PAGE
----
Monthly Archives: April 2012

Why an FOI charge is a terrible idea

A guest post by Tim Turner

In the current climate where people and organisations seem keen to take aim at FOI, one recurrent theme is to introduce a charge on FOI requests or – as the Blair government considered only a year after the 2000 Act’s implementation, a limit on the number of requests that could be made. Newsnight recently reported that such proposals are being considered by the Cabinet Office (http://www.bbc.co.uk/programmes/b01fkbvw), although they denied all knowledge of this when I asked them: http://www.whatdotheyknow.com/request/proposals_for_foi_charges.  It’s a superficially simple idea, and yet there are many reasons why it’s a terrible idea. Here’s five

1. It’s an act of huge hypocrisy

Like Tony Blair before him, in opposition David Cameron trumpeted the importance of FOI and transparency. But he cannot pull the Jack Straw argument that it’s all a huge and unwelcome surprise (and neither can Straw, because I met the civil servants working on FOI in the Home Office during the bill’s passage when I worked at the ICO, and the Labour hierarchy were told what they were letting themselves in for). Cameron was elected in 2001 – the year after FOI was passed, and it was implemented in the same year he was elected leader of the Conservative Party. In other words, he entered politics in the FOI Age; he knew what kind of world he was entering, and he sold himself as being part of it in run-up to the 2010 election.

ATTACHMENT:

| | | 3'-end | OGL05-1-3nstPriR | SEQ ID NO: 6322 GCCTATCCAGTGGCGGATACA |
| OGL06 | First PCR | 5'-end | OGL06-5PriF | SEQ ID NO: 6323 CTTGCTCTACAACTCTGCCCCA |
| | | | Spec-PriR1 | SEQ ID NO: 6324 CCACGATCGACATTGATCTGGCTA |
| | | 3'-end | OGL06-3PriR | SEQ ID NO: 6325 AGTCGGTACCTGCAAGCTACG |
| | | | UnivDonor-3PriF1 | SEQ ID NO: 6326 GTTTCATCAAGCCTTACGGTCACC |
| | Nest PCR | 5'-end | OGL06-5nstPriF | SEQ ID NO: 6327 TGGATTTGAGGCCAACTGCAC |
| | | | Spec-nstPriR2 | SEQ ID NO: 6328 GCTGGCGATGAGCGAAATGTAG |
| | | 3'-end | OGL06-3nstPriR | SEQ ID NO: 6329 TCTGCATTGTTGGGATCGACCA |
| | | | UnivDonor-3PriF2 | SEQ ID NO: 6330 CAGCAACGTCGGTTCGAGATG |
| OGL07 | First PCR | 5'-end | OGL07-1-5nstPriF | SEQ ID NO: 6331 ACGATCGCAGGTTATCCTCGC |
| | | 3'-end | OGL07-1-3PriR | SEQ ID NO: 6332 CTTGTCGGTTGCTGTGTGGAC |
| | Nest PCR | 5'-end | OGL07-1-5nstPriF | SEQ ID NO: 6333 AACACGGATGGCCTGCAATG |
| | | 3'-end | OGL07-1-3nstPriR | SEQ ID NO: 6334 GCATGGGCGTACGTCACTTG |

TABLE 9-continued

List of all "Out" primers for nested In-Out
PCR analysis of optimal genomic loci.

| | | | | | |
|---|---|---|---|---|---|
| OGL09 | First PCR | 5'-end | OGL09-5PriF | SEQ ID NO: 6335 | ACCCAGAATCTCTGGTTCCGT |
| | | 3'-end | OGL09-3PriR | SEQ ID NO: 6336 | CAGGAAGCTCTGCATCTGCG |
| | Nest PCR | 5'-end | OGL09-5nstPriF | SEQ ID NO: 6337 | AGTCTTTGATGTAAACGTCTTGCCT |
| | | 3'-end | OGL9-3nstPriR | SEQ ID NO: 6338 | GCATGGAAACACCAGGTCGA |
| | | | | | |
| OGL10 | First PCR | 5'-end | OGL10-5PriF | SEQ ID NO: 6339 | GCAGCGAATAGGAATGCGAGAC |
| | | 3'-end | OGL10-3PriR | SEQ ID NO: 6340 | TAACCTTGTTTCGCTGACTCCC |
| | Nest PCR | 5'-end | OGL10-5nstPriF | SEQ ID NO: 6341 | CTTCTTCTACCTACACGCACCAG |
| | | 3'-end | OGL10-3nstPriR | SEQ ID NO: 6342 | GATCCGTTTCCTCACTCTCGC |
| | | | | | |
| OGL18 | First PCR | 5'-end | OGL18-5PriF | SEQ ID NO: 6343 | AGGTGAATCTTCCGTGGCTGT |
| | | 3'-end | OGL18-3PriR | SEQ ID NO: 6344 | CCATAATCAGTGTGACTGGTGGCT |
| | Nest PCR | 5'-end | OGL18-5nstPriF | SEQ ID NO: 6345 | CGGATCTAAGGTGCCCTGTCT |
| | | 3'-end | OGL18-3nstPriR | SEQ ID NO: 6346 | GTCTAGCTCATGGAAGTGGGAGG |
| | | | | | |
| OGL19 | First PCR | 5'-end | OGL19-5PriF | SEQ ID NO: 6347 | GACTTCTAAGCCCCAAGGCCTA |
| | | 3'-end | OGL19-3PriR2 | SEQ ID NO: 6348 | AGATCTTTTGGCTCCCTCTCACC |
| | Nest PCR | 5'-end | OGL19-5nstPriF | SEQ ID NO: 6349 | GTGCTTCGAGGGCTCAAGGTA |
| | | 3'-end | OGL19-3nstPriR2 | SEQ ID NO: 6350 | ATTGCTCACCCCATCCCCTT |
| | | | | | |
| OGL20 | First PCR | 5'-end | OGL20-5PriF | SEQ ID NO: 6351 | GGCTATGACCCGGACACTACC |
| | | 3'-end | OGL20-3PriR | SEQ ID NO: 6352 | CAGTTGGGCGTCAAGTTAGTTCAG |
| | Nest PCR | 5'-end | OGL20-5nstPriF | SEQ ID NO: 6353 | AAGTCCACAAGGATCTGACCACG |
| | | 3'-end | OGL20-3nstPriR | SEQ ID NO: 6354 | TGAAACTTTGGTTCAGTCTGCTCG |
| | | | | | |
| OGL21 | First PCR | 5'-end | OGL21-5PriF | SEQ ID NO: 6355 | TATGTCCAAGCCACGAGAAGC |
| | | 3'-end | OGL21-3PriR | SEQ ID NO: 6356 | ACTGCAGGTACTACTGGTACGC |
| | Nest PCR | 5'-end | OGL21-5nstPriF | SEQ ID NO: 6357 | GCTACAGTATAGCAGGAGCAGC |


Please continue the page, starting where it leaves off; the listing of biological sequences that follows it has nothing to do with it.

2. It’s an act of supreme political myopia

Unlike Tony Blair before him, in opposition both David Cameron and Nick Clegg’s parties benefitted hugely from FOI’s implementation. When I worked in local government, we received large numbers of FOI requests sent explicitly from the Conservative and Liberal Democrat Research Departments (several of Michael Gove’s close advisors made a lot of them). They used FOI routinely. Here’s a little tip for you all – sooner or later, you’re going to be in opposition again. Look at the political drama John Healey generated from his FOI requests on the NHS Risk Register. If you add a charge to FOI, you’re going to restrict access to a vital political resource that you, or your predecessors, are going to need.

3. It represents the ultimate triumph for spin

Nobody proposes that we will be charged for access to press releases. Journalists will not have to pay for comments, tips or leaks. All of the information that public bodies from Government departments down to schools want the public to see will still go out, free of charge. Spin will be easier and cheaper to get than facts. This is, in itself, a good enough argument for FOI to be free. British public life is already choked with debates fuelled by prejudice and tribalism – any responsible government should do whatever it can to allow access to facts and evidence to improve the quality of our dire political discourse. Unless, of course, they have something to hide.

4. It’s regressive

Perhaps a well-funded media or political organisation will be able to make as many FOI requests as they do now (if there is such a thing). But think of the average voter, the small charity of pressure group, the unemployed, the retired – the introduction of a charge will have a disproportionate effect on those who need to use FOI most. If we’re all in it together, why should access to a vital tool of democracy be based on ability to pay?

5. It will cost a fortune